I'm not saying mankind didn't cause all this or that these pauses can indeed be explained, but I want some pretty solid answers before committing tens of trillions of dollars globally.
        zackers
    • Actually both terms are wrong

      What we should be discussing is what some scientist referred to as "TOXIC GAS BUILD-UP. Humans continue to be the only species which s**ts in its own nest. Carbon dioxide is only one of a number of toxic chemicals which we are filling the Earth with every day. Every decision we make should be based on at least partially how it will effect this toxic load. Many people are doing this and looking at how they can lesson their impact. It is a case of "When the people lead, the Leaders will follow. For those who continue to keep their head in the sand and pretend that they can breathe that brown muck which hangs over our cities well I hope they will figure things out sometime soon.
      BoneLazy
      • Toxic gas?

        CO2 is a toxic gas? Tell that to the rain forests, your local farmer, or even your back yard.
        pointzerotwo1
      • CO2 toxic at 5000 PPM

        CO2 ain't exactly toxic.
        CO2 becomes unpleasant at 1000 PPM, dangerous at 5000PPM.
        Many scientists (there's that term again) think we are easily headed for 800PPM CO2, maybe 1000PPM.
        I think I'll invest in oxygen bars.
        Reality-based
        • CO2 is currently at 387 PPM

          As of March, 2009, CO2 levels are at 387 PPM. That's with burning up most of the world's oil and much of its coal over the last 150 years. Before the industrial revolution, the baseline was around 250 PPM. So with all of our activity in the last 150 years, we only increased the CO2 by about 140 PPM. Adding another 400 PPM to get to 800 PPM seems highly unlikely to me. We'll run out of oil and coal long before that.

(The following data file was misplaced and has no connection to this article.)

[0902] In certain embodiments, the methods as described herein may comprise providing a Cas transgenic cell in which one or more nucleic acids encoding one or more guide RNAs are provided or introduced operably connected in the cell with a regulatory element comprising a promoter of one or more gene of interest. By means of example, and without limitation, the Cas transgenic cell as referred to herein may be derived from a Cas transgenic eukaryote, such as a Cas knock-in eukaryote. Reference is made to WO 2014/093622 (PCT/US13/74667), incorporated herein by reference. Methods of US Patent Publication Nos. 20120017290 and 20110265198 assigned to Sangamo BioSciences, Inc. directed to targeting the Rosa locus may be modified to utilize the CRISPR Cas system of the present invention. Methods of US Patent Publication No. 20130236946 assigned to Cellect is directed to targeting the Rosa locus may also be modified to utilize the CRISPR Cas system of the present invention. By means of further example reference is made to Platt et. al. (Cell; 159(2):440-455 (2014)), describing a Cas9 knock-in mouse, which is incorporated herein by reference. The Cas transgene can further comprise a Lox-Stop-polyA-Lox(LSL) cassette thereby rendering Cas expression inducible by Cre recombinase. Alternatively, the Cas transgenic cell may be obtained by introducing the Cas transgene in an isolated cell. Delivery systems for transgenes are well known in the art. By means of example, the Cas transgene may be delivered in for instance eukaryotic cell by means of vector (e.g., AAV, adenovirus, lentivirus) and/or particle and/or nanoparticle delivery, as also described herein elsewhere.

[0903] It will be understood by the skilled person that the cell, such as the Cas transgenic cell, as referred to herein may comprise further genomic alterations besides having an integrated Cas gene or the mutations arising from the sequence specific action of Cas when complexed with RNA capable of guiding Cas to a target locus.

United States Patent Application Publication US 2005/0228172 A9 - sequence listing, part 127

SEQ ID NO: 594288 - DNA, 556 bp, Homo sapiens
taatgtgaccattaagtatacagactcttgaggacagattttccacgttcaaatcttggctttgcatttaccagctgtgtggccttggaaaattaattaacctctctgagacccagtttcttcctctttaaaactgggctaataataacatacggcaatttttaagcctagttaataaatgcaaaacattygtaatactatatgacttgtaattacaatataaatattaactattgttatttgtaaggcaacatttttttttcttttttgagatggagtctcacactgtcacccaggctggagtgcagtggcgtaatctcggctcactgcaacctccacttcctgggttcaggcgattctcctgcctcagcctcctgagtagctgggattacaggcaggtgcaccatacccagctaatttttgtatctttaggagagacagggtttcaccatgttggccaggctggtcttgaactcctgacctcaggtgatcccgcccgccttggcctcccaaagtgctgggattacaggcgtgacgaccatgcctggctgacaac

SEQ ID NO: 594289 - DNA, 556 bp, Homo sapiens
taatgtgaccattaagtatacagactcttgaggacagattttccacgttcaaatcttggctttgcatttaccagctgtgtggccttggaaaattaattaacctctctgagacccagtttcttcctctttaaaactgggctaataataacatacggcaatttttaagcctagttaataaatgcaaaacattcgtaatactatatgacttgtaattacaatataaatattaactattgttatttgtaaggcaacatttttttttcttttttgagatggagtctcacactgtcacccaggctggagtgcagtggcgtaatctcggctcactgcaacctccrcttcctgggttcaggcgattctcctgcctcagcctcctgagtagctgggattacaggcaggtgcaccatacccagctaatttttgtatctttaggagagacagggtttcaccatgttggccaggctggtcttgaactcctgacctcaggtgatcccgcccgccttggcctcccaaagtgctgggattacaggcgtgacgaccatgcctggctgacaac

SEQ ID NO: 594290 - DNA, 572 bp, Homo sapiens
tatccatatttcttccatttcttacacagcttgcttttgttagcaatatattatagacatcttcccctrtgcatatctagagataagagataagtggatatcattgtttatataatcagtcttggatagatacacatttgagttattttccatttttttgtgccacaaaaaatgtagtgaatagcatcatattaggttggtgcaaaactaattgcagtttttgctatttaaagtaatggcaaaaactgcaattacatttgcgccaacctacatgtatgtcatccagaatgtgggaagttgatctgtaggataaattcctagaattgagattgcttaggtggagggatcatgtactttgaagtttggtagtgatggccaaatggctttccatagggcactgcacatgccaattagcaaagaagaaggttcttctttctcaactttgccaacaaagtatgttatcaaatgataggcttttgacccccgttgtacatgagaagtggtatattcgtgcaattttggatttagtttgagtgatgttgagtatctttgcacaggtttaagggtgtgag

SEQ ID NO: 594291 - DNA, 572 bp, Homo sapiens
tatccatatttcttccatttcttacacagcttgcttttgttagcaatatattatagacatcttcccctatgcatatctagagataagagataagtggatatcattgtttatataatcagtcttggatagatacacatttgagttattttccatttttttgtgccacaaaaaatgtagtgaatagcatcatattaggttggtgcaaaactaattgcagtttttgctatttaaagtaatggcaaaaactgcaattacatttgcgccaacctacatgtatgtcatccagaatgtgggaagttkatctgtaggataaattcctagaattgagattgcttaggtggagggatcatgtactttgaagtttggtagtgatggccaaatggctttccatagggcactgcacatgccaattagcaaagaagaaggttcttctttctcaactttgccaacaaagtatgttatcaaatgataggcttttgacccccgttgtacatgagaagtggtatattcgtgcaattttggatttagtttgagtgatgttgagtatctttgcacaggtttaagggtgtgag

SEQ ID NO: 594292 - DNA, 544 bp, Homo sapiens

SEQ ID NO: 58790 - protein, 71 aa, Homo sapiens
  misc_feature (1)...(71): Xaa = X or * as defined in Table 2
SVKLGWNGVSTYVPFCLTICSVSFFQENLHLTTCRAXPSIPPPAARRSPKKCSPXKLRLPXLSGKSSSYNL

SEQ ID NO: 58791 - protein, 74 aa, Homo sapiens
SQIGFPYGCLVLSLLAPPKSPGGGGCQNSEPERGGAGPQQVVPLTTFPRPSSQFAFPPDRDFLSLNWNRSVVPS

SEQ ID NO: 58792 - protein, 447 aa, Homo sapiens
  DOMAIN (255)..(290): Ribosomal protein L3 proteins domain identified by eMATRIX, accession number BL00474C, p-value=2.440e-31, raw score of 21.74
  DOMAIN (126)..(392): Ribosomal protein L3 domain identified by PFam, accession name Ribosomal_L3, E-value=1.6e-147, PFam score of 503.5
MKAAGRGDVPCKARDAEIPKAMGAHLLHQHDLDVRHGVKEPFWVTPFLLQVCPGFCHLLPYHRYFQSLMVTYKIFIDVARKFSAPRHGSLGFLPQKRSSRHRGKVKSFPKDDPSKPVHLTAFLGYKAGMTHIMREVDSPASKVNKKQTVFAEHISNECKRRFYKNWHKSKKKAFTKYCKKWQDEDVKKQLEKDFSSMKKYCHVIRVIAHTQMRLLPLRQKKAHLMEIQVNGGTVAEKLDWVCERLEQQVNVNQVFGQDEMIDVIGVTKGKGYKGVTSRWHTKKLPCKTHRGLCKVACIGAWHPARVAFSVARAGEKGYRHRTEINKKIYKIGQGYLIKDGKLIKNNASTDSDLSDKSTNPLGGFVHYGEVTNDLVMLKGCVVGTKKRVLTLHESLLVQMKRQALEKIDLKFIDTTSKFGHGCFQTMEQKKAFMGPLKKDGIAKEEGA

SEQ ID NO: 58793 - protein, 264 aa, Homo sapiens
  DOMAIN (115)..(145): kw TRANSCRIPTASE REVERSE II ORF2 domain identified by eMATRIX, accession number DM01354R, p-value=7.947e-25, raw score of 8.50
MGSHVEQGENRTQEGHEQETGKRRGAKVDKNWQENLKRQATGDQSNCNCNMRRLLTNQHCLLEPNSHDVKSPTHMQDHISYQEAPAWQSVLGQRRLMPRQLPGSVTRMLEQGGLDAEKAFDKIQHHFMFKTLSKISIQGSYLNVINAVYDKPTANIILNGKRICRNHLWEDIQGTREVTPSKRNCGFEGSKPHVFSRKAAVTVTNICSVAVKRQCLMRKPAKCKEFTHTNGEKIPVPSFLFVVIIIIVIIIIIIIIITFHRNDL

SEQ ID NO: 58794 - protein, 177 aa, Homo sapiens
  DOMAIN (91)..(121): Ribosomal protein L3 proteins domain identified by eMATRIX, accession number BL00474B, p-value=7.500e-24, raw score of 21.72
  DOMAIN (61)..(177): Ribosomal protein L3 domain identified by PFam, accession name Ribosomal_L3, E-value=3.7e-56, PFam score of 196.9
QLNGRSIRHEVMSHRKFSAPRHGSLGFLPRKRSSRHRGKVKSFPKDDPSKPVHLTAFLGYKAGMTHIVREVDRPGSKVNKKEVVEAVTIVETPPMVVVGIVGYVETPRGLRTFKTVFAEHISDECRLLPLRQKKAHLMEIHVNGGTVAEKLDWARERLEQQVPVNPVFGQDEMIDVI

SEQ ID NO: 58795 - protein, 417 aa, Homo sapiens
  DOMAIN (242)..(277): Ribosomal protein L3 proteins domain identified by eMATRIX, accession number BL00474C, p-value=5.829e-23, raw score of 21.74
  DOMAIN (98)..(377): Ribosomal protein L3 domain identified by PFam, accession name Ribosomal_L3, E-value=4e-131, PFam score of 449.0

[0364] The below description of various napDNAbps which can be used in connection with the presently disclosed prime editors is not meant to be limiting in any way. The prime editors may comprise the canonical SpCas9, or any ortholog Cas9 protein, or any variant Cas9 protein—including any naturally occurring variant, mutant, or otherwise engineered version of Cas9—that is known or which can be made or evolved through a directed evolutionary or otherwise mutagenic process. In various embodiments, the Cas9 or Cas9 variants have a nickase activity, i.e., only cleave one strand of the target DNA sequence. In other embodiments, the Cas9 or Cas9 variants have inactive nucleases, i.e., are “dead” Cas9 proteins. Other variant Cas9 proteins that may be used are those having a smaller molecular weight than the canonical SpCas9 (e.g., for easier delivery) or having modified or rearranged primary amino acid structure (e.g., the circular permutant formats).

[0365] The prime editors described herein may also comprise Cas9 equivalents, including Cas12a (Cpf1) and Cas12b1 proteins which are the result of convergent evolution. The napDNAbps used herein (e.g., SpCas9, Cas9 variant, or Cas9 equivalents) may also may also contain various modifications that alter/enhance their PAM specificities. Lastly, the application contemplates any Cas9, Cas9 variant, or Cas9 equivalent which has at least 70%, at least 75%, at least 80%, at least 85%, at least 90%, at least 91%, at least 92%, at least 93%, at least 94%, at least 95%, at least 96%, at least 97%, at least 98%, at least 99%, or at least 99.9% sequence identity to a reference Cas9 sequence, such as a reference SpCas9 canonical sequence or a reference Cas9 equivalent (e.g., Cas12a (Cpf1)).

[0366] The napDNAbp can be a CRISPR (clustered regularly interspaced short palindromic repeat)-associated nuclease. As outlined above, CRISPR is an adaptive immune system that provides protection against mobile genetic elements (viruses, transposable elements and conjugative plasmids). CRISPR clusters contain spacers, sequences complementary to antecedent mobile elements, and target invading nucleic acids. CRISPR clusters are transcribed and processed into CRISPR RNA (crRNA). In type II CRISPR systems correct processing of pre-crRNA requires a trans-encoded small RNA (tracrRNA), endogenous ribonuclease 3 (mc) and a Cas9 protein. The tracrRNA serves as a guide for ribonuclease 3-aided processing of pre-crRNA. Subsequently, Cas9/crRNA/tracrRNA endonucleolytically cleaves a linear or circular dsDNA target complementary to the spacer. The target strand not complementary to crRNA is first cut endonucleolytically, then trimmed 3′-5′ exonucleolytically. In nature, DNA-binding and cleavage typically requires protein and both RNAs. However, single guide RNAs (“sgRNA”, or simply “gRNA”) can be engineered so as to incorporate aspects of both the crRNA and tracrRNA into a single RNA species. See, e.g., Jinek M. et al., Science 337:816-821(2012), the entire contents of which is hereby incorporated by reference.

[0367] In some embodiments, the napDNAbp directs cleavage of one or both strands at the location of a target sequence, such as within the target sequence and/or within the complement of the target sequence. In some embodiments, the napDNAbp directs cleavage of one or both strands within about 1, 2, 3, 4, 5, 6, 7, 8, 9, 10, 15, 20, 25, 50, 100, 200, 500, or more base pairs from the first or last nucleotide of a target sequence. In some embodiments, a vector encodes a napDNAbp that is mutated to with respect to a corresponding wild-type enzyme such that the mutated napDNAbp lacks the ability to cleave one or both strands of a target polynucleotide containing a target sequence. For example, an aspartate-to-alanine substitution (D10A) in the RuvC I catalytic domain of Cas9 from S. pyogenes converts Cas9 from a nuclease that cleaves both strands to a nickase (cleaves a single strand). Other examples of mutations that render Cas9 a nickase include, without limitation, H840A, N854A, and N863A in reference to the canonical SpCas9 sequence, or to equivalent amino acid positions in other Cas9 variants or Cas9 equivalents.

zackers
      • RE: TOXIC GAS BUILD-UP

        Toxix?

        CO2 is vital for life on earth.

        Water is toxic if you get too much at the wrong time in the wrong place...

        CO2 becomes unpleasant at 1000 PPM, dangerous at 5000PPM.

        Current CO2 levels are at 387 PPM.

        The pre-Idustrial Revlution basseline was around 250 PPM.

        Besides, China is the number one emitter of so-called greenhouse gases. Any US legislation will have little to no global effect.
        bb_apptix
  • RE: NOAA sounding like Noah: head for the hills

    The theory of global warming is challenged by many prominent scientists. Don't be fooled by the hype.
    frivenburg1
    • You know...

      You know of course that many can still be a tiny minority, right?

      :o)
      Jack-Booted EULA
      • RE: You know...

        You know that less than half of all published Scientists ndorse Global Warming Theory.

        The skeptics are in the majority.

        http://epw.senate.gov/public/index.cfm?FuseAction=Minority.Blogs&ContentRecord_id=b35c36a3-802a-23ad-46ec-6880767e7966
        bb_apptix
  • how long can you tread water?

    Sounds like the old Bill Cosby routine to me. I wish they would concentrate on getting the 24 hour forecast to be accurate. Or are they going to blame that on global warming too?
    ca1ic0cat
  • RE: NOAA sounding like Noah: head for the hills

    Many scientists have raised the concern that the models don't take into account precipitation. That's the rain that the weather guys can't forecast correctly from day to day. So how can the models be correct? Precipitation is a greenhouse gas.

    We're looking at this backwards. Greenhouse gases keep the heat IN to keep us from freezing. Anyone want to guess the temperature in outer space?
    ElCondor11